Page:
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CSE 788.07, Autumn 2011 Michael Bond.  Name  Program & year  Where are you coming from?  Research interests  Or what’s something you find interesting?

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Presentation on theme: "CSE 788.07, Autumn 2011 Michael Bond.  Name  Program & year  Where are you coming from?  Research interests  Or what’s something you find interesting?"— Presentation transcript:

1 CSE , Autumn 2011 Michael Bond

2  Name  Program & year  Where are you coming from?  Research interests  Or what’s something you find interesting?  Research advisor, if any

3  Introductions  Motivation: concurrency correctness  Course overview & survey  Background  Program analysis

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7  Imperative programs  Java, C#, C, C++, Python, Ruby  Threads  Shared mutable state  Lock-unlock, wait-notify, start-join

8  Atomicity  Ordering  Sequential consistency  Progress Programmers use synchronization to enforce these

9 More synchronizationLess synchronization More concurrencyLess concurrency

10 More synchronizationLess synchronization Concurrency bugs: atomicity, order, & sequential consistency violations Concurrency bugs: atomicity, order, & sequential consistency violations More concurrencyLess concurrency

11 More synchronizationLess synchronization Concurrency bugs: atomicity, order, & sequential consistency violations Concurrency bugs: atomicity, order, & sequential consistency violations More concurrency Concurrency bugs: deadlocks Poor performance: lock contention, serialization Less concurrency

12 More synchronizationLess synchronization Concurrency bugs: atomicity, order, & sequential consistency violations Concurrency bugs: atomicity, order, & sequential consistency violations More concurrency Concurrency bugs: deadlocks Poor performance: lock contention, serialization Concurrent & correct Less concurrency

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16 * Definition for this research area Check or guarantee

17 Static analysisDynamic analysis Analyze static codeAnalyze running program Find errors in any executionFind errors in some real execution Sound: no false negatives*Unsound: false negatives Imprecise: false positivesPrecise: often no false positives Doesn’t slow running programSlows executing program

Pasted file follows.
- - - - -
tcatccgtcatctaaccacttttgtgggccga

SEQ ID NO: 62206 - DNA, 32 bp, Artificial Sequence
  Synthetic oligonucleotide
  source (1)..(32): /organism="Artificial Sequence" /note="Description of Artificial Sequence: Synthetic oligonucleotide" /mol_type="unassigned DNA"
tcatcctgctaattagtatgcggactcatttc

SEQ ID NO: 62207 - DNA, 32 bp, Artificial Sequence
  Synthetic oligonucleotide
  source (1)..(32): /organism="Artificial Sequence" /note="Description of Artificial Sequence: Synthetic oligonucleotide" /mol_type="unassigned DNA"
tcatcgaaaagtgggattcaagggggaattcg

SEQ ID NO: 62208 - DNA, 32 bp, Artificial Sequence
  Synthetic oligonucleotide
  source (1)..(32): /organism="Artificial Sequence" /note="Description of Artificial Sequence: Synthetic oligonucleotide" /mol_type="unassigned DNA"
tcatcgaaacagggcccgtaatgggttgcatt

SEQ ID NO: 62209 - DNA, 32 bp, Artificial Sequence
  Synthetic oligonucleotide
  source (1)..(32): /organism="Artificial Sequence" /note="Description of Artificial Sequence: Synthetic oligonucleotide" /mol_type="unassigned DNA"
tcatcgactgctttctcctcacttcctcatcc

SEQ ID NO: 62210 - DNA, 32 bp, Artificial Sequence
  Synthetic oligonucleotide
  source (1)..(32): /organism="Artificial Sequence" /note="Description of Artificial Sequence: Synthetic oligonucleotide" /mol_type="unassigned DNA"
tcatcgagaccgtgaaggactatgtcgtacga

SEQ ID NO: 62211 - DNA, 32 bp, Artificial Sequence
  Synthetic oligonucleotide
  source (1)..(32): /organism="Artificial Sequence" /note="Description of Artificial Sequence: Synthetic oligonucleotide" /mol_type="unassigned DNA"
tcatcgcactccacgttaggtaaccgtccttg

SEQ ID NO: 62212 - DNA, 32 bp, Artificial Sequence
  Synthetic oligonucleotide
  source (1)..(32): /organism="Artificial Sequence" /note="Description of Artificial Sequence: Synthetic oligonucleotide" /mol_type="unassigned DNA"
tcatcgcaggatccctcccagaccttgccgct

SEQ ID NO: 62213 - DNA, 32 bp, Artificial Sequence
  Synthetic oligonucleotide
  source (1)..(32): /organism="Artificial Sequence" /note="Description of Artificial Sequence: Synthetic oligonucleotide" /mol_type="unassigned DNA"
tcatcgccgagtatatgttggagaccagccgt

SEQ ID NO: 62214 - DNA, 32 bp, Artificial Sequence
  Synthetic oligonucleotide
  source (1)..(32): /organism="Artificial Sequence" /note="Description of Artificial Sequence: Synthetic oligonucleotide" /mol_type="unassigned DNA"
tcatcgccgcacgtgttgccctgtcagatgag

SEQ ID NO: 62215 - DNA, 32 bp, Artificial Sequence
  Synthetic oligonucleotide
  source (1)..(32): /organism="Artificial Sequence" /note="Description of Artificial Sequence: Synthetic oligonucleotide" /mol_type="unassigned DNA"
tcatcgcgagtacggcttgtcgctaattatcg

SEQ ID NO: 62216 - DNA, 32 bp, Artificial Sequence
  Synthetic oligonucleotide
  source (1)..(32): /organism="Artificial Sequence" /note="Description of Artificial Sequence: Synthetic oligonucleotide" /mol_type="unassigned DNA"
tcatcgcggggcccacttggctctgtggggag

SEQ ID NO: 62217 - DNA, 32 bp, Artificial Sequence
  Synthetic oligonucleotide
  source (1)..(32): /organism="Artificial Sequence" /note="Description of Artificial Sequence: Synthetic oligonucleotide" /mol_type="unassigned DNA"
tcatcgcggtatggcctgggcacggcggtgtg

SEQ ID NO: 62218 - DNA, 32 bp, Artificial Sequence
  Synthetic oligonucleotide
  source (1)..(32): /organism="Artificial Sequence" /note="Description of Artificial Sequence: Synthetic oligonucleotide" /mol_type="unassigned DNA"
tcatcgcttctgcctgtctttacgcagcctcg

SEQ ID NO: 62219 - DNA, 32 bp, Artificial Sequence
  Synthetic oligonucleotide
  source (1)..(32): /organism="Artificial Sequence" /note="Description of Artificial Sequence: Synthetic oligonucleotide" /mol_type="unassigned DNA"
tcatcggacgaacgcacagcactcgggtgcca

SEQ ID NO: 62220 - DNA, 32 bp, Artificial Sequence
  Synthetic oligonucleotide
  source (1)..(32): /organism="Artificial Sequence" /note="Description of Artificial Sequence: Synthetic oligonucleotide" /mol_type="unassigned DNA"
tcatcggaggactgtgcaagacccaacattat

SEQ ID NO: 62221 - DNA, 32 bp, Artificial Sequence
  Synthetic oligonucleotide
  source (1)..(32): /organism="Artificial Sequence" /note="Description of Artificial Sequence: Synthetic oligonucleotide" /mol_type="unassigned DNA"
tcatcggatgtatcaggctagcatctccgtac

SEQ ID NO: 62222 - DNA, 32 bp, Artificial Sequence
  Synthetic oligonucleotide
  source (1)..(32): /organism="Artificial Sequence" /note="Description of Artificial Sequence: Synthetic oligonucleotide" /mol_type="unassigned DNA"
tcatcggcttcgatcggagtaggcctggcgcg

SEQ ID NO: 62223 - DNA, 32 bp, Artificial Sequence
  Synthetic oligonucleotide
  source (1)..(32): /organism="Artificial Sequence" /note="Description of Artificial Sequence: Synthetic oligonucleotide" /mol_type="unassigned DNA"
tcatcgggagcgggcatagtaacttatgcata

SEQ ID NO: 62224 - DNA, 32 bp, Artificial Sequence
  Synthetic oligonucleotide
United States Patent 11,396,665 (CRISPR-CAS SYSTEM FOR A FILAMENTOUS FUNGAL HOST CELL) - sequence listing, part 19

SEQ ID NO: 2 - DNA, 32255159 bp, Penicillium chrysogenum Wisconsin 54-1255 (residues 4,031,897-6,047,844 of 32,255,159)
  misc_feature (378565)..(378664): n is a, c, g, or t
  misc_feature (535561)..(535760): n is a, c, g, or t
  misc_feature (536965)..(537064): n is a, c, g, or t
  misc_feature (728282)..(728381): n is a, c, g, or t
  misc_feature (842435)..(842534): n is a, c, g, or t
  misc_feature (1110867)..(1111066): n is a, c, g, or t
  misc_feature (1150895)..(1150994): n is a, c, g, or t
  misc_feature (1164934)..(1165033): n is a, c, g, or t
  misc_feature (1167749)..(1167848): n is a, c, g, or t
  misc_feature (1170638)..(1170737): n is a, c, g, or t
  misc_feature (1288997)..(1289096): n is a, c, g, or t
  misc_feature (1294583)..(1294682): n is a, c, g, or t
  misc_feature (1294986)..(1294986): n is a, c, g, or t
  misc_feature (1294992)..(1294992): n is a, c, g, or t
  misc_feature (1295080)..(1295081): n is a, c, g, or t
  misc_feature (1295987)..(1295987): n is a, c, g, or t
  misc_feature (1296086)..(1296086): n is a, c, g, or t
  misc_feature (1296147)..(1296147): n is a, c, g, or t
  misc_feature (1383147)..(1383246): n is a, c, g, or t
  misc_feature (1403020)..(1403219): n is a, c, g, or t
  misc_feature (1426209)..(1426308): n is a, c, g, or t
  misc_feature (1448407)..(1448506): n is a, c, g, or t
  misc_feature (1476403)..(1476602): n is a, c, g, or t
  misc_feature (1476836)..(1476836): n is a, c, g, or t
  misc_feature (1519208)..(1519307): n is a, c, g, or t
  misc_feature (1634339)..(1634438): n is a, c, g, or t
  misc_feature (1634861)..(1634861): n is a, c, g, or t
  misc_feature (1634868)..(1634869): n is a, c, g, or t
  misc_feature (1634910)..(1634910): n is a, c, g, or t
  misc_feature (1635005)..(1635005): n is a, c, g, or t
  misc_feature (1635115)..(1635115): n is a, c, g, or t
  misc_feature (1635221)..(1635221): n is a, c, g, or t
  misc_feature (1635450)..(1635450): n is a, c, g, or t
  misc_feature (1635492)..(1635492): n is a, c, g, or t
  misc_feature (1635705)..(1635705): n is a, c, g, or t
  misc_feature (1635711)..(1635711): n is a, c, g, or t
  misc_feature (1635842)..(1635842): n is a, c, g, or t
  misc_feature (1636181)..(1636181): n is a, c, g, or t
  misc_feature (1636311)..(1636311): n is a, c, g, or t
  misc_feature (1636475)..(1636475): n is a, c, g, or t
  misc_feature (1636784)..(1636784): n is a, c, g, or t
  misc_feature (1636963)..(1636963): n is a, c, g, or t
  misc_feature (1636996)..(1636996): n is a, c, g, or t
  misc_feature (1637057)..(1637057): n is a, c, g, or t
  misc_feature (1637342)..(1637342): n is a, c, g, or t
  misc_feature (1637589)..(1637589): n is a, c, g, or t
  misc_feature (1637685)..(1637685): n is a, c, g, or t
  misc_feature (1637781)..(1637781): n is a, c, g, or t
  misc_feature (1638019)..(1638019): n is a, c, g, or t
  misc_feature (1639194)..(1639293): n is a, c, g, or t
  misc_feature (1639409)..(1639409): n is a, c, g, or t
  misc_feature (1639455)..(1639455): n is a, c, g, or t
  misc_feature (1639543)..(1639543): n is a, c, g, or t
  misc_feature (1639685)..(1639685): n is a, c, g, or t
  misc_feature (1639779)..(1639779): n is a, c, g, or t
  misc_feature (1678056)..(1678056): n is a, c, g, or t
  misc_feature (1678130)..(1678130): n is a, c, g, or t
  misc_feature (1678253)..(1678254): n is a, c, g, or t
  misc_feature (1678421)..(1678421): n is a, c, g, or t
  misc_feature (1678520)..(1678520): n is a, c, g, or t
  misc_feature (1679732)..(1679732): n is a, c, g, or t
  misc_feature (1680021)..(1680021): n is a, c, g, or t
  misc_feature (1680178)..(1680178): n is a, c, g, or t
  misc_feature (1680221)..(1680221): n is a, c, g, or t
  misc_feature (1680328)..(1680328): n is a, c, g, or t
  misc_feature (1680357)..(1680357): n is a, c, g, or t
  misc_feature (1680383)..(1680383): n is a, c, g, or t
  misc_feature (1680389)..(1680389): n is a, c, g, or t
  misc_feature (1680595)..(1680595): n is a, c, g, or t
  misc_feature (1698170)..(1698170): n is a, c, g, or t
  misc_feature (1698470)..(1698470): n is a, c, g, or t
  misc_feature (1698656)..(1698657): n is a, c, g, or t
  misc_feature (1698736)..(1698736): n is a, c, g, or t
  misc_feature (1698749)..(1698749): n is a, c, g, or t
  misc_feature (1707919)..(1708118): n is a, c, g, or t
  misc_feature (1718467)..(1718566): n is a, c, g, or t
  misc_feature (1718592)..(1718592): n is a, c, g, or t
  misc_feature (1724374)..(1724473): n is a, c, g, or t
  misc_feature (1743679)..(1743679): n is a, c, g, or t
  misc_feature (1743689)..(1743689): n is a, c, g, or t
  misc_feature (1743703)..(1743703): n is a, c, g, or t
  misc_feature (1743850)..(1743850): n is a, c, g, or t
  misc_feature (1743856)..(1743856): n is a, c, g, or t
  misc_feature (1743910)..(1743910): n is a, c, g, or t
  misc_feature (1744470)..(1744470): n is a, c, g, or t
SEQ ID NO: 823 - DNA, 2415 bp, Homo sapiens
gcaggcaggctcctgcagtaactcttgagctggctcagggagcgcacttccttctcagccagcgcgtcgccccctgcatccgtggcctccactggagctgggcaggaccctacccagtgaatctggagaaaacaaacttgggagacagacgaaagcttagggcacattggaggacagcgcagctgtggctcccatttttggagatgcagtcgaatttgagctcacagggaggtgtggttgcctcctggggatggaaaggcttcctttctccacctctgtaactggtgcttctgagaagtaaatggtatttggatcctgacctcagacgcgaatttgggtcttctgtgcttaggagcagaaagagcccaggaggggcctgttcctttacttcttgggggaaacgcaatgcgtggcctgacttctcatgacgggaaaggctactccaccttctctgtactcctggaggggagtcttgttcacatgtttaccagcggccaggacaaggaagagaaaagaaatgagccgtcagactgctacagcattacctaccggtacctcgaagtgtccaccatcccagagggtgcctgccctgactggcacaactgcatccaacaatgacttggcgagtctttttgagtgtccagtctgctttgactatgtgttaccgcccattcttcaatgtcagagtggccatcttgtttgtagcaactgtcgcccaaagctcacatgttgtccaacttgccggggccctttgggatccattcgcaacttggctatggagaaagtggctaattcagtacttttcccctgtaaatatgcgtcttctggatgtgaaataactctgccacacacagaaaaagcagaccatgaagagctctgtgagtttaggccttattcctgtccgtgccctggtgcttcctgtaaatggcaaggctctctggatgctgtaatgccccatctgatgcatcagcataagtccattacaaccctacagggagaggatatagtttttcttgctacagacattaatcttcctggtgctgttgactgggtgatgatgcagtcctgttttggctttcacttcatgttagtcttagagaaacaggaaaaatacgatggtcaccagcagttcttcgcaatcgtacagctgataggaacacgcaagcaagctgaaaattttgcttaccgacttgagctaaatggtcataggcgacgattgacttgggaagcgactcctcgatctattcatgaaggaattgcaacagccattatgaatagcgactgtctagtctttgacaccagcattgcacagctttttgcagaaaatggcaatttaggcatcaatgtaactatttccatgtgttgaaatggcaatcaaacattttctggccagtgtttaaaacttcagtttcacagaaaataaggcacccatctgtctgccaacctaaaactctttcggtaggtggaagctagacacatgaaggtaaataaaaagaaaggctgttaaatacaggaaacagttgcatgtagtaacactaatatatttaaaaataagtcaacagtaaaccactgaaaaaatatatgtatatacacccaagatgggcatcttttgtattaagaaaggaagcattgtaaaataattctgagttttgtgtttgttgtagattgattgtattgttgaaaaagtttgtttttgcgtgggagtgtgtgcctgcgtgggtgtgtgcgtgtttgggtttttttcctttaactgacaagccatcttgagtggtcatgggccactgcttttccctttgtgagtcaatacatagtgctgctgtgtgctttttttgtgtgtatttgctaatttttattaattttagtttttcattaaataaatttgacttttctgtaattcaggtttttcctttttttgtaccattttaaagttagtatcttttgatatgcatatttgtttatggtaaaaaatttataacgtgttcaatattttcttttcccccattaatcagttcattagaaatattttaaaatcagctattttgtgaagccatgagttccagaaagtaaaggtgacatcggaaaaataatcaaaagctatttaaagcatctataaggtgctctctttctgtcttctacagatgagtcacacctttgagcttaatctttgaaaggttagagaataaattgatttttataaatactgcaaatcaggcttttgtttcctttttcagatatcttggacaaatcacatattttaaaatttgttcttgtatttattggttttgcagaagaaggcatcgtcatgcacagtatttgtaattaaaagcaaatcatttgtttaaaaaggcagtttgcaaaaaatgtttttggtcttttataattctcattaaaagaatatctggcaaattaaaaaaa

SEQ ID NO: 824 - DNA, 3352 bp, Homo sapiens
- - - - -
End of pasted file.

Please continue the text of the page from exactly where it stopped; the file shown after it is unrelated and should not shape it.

18 Static analysisDynamic analysis Analyze static codeAnalyze running program Find errors in any executionFind errors in some real execution Sound: no false negatives*Unsound: false negatives Imprecise: false positivesPrecise: often no false positives Doesn’t slow running programSlows executing program False positive: reported “bug” isn’t really a bug (declare correct program incorrect) False negative: miss a bug (declare incorrect program correct)

19 Static analysisDynamic analysis Analyze static codeAnalyze running program Find errors in any executionFind errors in some real execution Sound: no false negatives*Unsound: false negatives Imprecise: false positivesPrecise: often no false positives Doesn’t slow running programSlows executing program False positive: reported “bug” isn’t really a bug (declare correct program incorrect) False negative: miss a bug (declare incorrect program correct) Often dynamically sound: Reports all bugs in this execution Often dynamically sound: Reports all bugs in this execution

20 Static analysisDynamic analysis Analyze static codeAnalyze running program Find errors in any executionFind errors in some real execution Sound: no false negatives*Unsound: false negatives Imprecise: false positivesPrecise: often no false positives Doesn’t slow running programSlows executing program Conservative: 1.Concurrent execution 2.Approximating heap 3.Dynamic class loading & reflection Conservative: 1.Concurrent execution 2.Approximating heap 3.Dynamic class loading & reflection Most realistic executions are on deployed (production) systems!

21 1. Name (& nickname if applicable) 2. Program (PhD/master’s) & year (1 st, 2 nd, etc.) 3. Why taking class? 4. Research interests & current research advisor (if any) 5. Background (grad & undergrad): PL, compilers, architecture, parallel programming, runtime systems, SE 6. Available times on Mondays and Wednesdays 7. How likely you’ll stay in class (% or explain)? 8. Paper(s) you’d like to present (if any) 9. Feedback so far? 10. Concerns about forwarding critiques to all?

22 CSE , Autumn 2011 Michael Bond

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24 Critiques  Critiques sent to everyone, but anonymous  Don’t write critique if leading discussion Discussion leaders  Covering in interactive way: paper’s main points, plus critical analysis & opportunities  Send scheduling 4 weekdays before class ▪ Full availability & current status/outline  Send outline: day before our meeting  Volunteer for next time?

25 Meeting  I/we need to talk louder  Coffee Logistics  16 enrolled, ~16 papers  replace presentations?  Discussion leader for next time?  Dropping/auditing? – contact me  Got my ?

26  Read papers  Meet with group tomorrow  Send critique by 5 pm  Read critiques before class  Before class: send paper(s) you’d like to present  Also start looking at papers for project topic selection (preliminary proposal due Thursday next week)